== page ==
Fluid Audio may not be a familiar name, but the man behind it has a rich history in speaker design. We check out their affordable new coaxial monitors.
Coaxial speakers are a bit like buses — you don’t see one for ages then three come along at once. Recently we’ve looked at coaxial designs by Equator and PreSonus, but Fluid Audio’s name is a less familiar one. Company founder and musician Kevin Zuccaro actually has a solid provenance in audio, starting his career in loudspeaker engineering with JBL almost a quarter of a century ago, before moving on to Cerwin Vega and then to M–Audio, where he was instrumental in developing their studio monitor range. He ended up running Avid’s monitoring division before setting up Fluid Audio in 2008.
Every monitor designer will tell you that the big challenge is juggling the necessary engineering and price compromises to produce the best possible product within a given price range, as the supporting physics and technical challenges of loudspeaker design are already well established. Kevin’s approach is to try to optimise each element in the system, taking cost into consideration, and then to spend time voicing the finished design to his satisfaction. Indeed, it is the voicing of the FX8 that gives it a quite distinctive character.
The FX8 is not an expensive speaker, and as with so many things these days, it is built in China to achieve its low price. This two–way, active design houses 130W of Class–AB power feeding an eight–inch woofer (80W) and a 1.2–inch dome tweeter (50W), crossing over at 2.4kHz. The woofer is built around a composite paper cone while the tweeter, which is mounted in a conical waveguide in the centre of the woofer, is doped silk. Around the woofer is a shaped baffle insert that also sports a power LED and a level control. It also includes a smooth aperture for the slot–shaped port and allows the woofer a smooth transition to the baffle.
Coaxial speaker designs offer the benefit of near point–source imaging, which promises a more consistent sound when the listener moves off axis. Front porting has the advantage that it doesn’t compromise the speaker performance when located close to a wall, though careful design is needed to minimise port noise due to air movement. Magnetic shielding is also included in this model, though this may be less of a concern now that virtually everyone uses flat-screen monitors.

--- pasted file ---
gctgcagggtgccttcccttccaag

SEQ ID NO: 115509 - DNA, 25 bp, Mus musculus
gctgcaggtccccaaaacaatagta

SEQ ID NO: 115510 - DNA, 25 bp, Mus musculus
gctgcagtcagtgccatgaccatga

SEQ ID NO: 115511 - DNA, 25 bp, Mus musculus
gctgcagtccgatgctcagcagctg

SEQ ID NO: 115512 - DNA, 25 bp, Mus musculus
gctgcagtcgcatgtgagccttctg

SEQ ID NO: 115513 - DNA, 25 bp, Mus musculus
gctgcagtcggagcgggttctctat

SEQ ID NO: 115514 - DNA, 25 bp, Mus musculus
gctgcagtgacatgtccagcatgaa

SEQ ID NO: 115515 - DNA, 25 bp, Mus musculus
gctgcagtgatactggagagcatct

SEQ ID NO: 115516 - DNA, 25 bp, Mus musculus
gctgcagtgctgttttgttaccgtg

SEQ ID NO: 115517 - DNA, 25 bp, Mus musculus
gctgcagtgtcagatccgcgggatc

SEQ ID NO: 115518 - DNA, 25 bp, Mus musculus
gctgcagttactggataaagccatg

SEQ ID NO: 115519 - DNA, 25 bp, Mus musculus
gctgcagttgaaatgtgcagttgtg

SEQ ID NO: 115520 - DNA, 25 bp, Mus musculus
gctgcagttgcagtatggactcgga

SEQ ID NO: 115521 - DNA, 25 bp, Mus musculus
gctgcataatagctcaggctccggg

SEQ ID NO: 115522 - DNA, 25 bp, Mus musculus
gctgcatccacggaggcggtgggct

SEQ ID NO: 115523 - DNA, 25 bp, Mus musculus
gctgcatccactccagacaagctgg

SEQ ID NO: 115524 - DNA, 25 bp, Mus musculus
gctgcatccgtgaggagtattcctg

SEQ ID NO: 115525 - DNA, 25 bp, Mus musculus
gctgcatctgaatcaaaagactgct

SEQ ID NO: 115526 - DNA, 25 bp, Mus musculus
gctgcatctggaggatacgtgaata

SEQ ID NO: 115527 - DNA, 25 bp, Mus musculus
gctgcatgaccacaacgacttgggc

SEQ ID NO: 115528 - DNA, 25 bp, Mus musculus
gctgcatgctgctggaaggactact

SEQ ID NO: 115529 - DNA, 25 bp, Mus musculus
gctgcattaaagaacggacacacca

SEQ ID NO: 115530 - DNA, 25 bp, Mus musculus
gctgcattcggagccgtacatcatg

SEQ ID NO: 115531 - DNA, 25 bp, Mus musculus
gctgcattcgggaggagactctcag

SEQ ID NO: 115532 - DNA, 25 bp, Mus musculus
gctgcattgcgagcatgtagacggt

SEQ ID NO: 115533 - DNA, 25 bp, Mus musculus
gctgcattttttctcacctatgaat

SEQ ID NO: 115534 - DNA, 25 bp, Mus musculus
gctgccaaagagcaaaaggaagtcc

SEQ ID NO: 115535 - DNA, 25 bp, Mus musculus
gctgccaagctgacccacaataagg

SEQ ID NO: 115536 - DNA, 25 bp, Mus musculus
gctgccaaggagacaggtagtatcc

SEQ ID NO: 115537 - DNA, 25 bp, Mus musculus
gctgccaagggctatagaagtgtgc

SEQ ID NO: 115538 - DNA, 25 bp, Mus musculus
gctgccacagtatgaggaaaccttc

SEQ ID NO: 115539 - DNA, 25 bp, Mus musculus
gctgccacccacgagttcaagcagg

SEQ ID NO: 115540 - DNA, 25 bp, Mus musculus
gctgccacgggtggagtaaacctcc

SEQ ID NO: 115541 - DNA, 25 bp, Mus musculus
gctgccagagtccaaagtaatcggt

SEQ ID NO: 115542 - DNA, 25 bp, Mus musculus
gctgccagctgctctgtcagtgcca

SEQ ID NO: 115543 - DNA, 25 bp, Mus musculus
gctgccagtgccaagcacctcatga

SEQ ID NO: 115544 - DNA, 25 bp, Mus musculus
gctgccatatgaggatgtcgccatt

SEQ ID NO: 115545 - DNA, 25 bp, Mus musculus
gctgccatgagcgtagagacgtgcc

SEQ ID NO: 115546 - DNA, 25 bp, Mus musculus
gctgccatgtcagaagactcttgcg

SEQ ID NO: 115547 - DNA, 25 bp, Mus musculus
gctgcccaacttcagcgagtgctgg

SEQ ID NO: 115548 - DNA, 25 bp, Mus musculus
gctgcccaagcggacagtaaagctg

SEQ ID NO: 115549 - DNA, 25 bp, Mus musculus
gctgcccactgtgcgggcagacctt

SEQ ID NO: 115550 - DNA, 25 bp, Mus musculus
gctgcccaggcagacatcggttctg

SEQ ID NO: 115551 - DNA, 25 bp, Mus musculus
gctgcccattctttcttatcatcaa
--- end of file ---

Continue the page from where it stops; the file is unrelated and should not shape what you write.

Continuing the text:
For connectivity there’s a choice of quarter–inch TRS balanced jacks or unbalanced RCA phonos, with power coming in on a standard IEC cable. Heatsinks are evident on the rear of the monitors, and are necessary as traditional analogue amplifiers generate more heat than their PWM counterparts, though many purists still prefer the analogue sound. The level control is on the front panel of the speaker cabinet where you can actually reach it, and it is a detented short slider rather than the more common rotary control. Unusually there are no rear–panel EQ adjustments at all.
Other than the moulded baffle insert, there’s nothing radical or fussy about the MDF cabinets, which measure 340 x 254 x 270 mm and are neatly finished in the familiar black–vinyl laminate, with rounded baffle edges. With a specified frequency response of 35Hz to 22kHz, the speakers can produce SPLs in excess of 100dB (A–weighted) at one metre, which is more than adequate for comfortable nearfield monitoring.
Sonically the FX8s remind me of some of the M–Audio models I’ve reviewed in the past, as they have a forward, detailed sound that makes it very easy to separate the instruments in a mix. They also manage to provide a solid but not overblown low end, where the woofers seem to be pretty well damped. There’s a bit more hiss than I expected from the circuitry though, and in a quiet room when playback has stopped you may just hear it from your listening position.
As expected, the stereo imaging is good with plenty of space around the various mix elements, my only minor reservation being that the enhanced sense of detail produced by the FX8s might lead you to believe your mix has greater clarity than it actually has, posing a risk that your music may sound a little recessed when played back on other speaker systems. Clearly, any criticisms — if indeed this is a criticism — have to be made in the light of price, and as I said at the outset, these are not costly speakers. It’s also true that you soon adapt to the voicing of your particular monitors, so as long as you familiarise yourself with their sound by playing back commercial mixes you should be fine.
If you’re after a main pair of monitors and you are working to a restricted budget, you should definitely add the FX8s to your short list for consideration. It’s probably also fair to say that even if you already have some perfectly good monitors, the FX8s might be valuable as a second pair for providing that important second opinion on your work, especially given the way they allow you to hear detail that more conventionally voiced speakers might miss.
At the more affordable end of the market I’d add the Alesis M1A MkIIs, the PreSonus Eris range, the Tannoy Reveals and the Fostex PM series to your audition list.
- Detailed sound with good imaging.
- Decent bass extension without sounding boomy.
- No EQ adjustment.
These affordable monitors exhibit good stereo imaging, adequately tight bass and a great sense of detail. Just be careful that their ability to highlight detail doesn’t mislead.